Since the chapter at NC State was founded in 1996, the Society of Hispanic Professional Engineers (SHPE) has been providing resources and opportunities to many Hispanic students on campus in an effort to contribute to minority student success in STEM fields.
The SHPE at NC State is part of a larger national organization that invites companies to speak, leads career workshops, provides mentorships and sends members to regional and national SHPE conferences to gain connections as well as experience in STEM fields.
There are professional and academic development opportunities for all majors and concentrations, whether it be through the national organization or the college chapter.
Axel Flores-Roman, a fourth-year studying industrial engineering and president of the University’s chapter of SHPE, said the chapter uses the pillars of the organization in order to emphasize a core fundamental for members: development.
“We're trying to make sure that people can transition from student to professional as easy and straightforward as possible,” Flores-Roman said. “So bringing in companies from all sorts of industries, also different functions in life, for them to give us all different types of workshops.”
According to Cynthia Rios, a third-year studying electrical and computer engineering and the chapter’s community outreach chairperson, said she enjoys the meetings because of the environment and people.
“It never feels uncomfortable,” Rios said. “We always know it's gonna be a successful event because we have a really good, relaxed environment. So although we're getting work done, we're still having fun.”
The involvement of the chapter goes further than just meetings and events that help students academically and professionally; they are also involved in community service events.
One community in particular that the club wants to help out is its Hispanic and Latinx students who, due to being the minority on a predominantly white campus, are looking for a place to belong.
“We go to a predominantly white university, so naturally, there's that search for community within a lot of minorities on campus,” Rios said. “We offer students a place where they can be surrounded by others from a similar background.”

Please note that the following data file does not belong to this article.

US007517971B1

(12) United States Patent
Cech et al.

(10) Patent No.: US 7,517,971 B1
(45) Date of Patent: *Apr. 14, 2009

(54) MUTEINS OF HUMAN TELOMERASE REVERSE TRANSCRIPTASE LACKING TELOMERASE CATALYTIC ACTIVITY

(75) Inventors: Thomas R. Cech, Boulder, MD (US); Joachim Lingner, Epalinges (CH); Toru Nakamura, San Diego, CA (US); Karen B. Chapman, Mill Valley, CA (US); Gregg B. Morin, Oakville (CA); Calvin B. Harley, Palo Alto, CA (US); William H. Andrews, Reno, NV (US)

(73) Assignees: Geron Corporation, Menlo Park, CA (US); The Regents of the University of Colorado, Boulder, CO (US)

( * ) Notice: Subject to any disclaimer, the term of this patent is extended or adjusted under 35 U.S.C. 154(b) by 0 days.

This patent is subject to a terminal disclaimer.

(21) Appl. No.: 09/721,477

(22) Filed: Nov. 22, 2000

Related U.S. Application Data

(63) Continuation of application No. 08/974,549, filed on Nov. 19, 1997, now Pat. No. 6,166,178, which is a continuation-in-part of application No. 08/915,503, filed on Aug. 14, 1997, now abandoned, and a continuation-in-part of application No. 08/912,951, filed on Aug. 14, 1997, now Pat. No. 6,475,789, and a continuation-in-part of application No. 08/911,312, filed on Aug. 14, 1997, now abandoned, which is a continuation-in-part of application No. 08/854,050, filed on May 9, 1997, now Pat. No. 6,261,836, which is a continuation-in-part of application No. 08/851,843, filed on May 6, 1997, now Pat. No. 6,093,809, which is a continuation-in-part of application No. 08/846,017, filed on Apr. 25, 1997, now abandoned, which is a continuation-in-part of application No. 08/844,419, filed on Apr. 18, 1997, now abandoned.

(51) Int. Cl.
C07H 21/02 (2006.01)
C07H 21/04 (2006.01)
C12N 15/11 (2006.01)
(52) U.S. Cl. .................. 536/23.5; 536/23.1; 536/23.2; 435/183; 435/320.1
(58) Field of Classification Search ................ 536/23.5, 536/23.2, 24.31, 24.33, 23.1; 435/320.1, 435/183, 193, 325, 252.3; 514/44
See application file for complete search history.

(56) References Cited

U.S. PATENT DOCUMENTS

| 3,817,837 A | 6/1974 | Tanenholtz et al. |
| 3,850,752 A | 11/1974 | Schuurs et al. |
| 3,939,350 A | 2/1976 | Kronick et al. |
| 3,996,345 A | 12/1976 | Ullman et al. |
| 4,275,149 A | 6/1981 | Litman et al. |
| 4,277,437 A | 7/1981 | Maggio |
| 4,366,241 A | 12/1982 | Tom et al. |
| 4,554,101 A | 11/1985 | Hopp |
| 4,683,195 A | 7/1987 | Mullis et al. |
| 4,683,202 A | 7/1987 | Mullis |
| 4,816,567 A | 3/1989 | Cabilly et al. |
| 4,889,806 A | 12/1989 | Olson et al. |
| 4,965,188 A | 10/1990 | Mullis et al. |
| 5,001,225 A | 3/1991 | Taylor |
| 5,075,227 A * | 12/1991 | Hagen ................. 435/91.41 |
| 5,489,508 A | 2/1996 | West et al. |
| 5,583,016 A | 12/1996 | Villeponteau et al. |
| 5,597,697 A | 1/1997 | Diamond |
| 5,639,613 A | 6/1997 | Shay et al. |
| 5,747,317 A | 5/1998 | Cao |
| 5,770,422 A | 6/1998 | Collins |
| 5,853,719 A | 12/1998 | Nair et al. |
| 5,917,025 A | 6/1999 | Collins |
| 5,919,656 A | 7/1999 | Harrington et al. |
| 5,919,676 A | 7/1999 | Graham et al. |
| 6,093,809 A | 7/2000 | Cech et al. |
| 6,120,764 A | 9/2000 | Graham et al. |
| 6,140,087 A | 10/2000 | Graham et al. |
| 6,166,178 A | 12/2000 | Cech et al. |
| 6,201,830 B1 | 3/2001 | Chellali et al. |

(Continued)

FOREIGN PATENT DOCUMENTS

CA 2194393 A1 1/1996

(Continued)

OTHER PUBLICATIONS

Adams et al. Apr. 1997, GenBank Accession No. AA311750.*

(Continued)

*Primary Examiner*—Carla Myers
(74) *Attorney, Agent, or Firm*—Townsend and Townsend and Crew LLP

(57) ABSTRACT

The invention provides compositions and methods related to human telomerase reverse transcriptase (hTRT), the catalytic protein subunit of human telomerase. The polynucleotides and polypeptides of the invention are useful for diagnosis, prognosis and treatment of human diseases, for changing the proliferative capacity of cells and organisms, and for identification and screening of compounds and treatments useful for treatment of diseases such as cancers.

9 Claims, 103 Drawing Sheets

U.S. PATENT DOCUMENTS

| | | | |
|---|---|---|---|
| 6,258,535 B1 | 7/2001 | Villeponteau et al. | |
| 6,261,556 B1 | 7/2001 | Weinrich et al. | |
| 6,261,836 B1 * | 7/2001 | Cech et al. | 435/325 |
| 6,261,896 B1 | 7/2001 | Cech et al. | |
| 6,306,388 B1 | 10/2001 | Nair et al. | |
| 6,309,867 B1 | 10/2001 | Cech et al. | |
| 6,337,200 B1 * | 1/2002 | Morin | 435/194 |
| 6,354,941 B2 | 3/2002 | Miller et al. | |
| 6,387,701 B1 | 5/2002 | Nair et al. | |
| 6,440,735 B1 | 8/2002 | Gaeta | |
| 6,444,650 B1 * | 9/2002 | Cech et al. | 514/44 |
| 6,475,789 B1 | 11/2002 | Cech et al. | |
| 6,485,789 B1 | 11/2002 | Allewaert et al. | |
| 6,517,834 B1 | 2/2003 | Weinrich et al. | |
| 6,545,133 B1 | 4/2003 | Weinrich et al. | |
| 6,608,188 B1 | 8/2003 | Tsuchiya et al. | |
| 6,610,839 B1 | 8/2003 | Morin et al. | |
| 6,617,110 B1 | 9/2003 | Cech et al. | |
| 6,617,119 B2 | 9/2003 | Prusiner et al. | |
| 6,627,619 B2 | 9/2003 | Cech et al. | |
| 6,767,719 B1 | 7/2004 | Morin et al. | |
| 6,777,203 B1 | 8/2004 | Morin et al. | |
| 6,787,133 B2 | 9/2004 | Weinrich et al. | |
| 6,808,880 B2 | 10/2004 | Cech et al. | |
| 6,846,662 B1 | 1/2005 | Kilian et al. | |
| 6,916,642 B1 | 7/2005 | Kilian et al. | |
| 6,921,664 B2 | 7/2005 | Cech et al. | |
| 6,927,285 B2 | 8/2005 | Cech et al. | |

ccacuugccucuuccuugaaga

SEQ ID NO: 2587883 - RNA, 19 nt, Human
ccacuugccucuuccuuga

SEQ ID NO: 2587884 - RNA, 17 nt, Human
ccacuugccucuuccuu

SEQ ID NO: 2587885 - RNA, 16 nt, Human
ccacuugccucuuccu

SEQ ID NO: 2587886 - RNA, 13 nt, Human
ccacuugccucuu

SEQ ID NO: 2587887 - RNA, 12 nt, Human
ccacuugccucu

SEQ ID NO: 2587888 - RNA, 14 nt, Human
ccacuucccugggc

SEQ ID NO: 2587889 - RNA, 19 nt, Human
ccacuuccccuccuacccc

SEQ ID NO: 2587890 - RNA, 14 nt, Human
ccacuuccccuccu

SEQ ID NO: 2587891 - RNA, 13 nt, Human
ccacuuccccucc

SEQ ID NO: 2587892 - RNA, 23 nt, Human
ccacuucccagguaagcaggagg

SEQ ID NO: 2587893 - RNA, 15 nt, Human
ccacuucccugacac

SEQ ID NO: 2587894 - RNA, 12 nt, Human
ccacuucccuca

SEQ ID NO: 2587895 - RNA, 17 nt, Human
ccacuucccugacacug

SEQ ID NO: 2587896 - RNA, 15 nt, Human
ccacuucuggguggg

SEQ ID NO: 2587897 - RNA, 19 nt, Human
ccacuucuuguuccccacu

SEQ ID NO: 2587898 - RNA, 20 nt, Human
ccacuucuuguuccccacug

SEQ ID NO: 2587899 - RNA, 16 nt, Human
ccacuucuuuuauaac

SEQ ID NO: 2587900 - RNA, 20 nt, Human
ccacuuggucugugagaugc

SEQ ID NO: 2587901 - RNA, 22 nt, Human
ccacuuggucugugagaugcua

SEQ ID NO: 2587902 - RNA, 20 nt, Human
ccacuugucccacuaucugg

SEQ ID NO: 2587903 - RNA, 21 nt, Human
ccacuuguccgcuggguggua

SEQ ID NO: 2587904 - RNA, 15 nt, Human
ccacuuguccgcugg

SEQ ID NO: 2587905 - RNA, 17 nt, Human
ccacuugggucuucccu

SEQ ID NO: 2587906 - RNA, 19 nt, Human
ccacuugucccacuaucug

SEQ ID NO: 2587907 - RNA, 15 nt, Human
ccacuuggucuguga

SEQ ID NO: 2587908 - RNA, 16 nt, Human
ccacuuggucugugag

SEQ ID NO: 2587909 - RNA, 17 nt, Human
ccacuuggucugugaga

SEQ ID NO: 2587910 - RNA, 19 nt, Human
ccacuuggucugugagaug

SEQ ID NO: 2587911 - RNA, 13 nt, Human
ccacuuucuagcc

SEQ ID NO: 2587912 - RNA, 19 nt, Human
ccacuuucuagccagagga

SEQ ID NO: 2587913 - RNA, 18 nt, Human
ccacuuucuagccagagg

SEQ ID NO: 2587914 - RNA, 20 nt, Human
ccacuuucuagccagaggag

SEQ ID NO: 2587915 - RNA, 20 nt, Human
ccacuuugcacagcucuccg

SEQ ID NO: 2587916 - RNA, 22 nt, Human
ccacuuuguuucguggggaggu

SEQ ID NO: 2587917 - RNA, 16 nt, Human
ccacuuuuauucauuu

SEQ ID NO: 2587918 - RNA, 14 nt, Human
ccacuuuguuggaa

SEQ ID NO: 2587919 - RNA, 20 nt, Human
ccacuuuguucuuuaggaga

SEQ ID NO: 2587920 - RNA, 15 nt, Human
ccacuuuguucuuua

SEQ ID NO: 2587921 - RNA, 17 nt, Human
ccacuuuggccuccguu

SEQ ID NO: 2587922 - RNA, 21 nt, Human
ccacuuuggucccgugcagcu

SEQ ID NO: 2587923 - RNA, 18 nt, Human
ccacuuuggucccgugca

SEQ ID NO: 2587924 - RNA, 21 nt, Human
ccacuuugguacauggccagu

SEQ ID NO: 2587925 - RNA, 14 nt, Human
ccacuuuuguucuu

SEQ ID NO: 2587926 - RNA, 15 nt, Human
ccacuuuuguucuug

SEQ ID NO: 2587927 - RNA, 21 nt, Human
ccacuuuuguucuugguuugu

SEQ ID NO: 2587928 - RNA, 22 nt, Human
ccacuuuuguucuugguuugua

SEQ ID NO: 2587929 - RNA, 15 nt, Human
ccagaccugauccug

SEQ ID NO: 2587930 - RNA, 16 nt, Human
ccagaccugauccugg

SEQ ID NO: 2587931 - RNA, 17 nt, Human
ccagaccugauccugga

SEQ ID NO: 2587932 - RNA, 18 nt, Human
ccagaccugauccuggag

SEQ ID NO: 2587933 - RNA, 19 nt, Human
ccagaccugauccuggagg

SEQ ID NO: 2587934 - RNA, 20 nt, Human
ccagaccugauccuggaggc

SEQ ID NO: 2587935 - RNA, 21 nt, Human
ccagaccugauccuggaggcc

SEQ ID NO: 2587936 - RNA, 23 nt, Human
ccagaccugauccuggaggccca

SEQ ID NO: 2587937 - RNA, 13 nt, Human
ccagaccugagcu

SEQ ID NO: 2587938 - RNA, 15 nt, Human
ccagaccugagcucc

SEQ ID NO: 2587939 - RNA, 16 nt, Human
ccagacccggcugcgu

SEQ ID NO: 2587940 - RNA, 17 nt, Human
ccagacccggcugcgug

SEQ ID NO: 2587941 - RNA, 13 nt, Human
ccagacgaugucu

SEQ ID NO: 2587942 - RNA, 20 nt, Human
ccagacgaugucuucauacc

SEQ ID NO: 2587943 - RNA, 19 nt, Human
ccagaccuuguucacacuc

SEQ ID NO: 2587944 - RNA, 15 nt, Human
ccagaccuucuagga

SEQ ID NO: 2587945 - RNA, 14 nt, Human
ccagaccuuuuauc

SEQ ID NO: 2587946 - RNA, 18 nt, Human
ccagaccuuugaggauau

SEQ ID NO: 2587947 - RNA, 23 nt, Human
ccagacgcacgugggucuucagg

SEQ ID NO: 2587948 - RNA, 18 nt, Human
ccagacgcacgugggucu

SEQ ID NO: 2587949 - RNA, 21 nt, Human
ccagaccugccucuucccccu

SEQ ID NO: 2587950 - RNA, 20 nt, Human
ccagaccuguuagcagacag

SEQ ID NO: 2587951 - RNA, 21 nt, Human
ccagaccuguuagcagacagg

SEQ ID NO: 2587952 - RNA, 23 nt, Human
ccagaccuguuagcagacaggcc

Armando Rosas, a second-year studying computer science and the webmaster at SHPE, said joining an organization like SHPE not only helps him take steps toward his goals for the future, but also makes him feel welcome in a space where others can relate to him.
“This really allows me to kind of overcome the imposter syndrome that a lot of us students have here at the college and university,” Rosas said. “It really has allowed me to build my skills and public speaking [and] just my overall confidence in how I carry myself. I [also] did not have a resume before joining SHPE. Through SHPE, I was able to build my resume which then translated over to career fairs, as well as applying for internships and things of that nature.”
According to Flores-Roman, an important part of the club is giving Hispanic students the opportunity to come together as a familia.
“It is important just because it's a good source to find a space here on campus, to make sure that you're not alone,” Flores-Roman said.
The club is looking to expand its membership for all students, and they want more people to join their familia.
“It's a great place to be,” Rosas said. “It's a place where everybody wants to be at and really where the Latino and Hispanic community can come together. It's not exclusive to Hispanics, it's not exclusive to just engineering students. However, the community is like no other. It's the place where we all come together, congregate and build each other professionally, as well as building bonds outside of our academics.”
As of right now, there are 250 members receiving the weekly newsletter from the club, but SHPE is looking for more members to join and attend events.
If students are interested in learning more about SHPE, they can go to the NC State SHPE chapter website for more information. The president, Flores-Roman, can also be reached at firstname.lastname@example.org or email@example.com.
Students can connect with SHPE on Instagram and can also subscribe to the weekly newsletter subscription by reaching out to any of the club’s officers.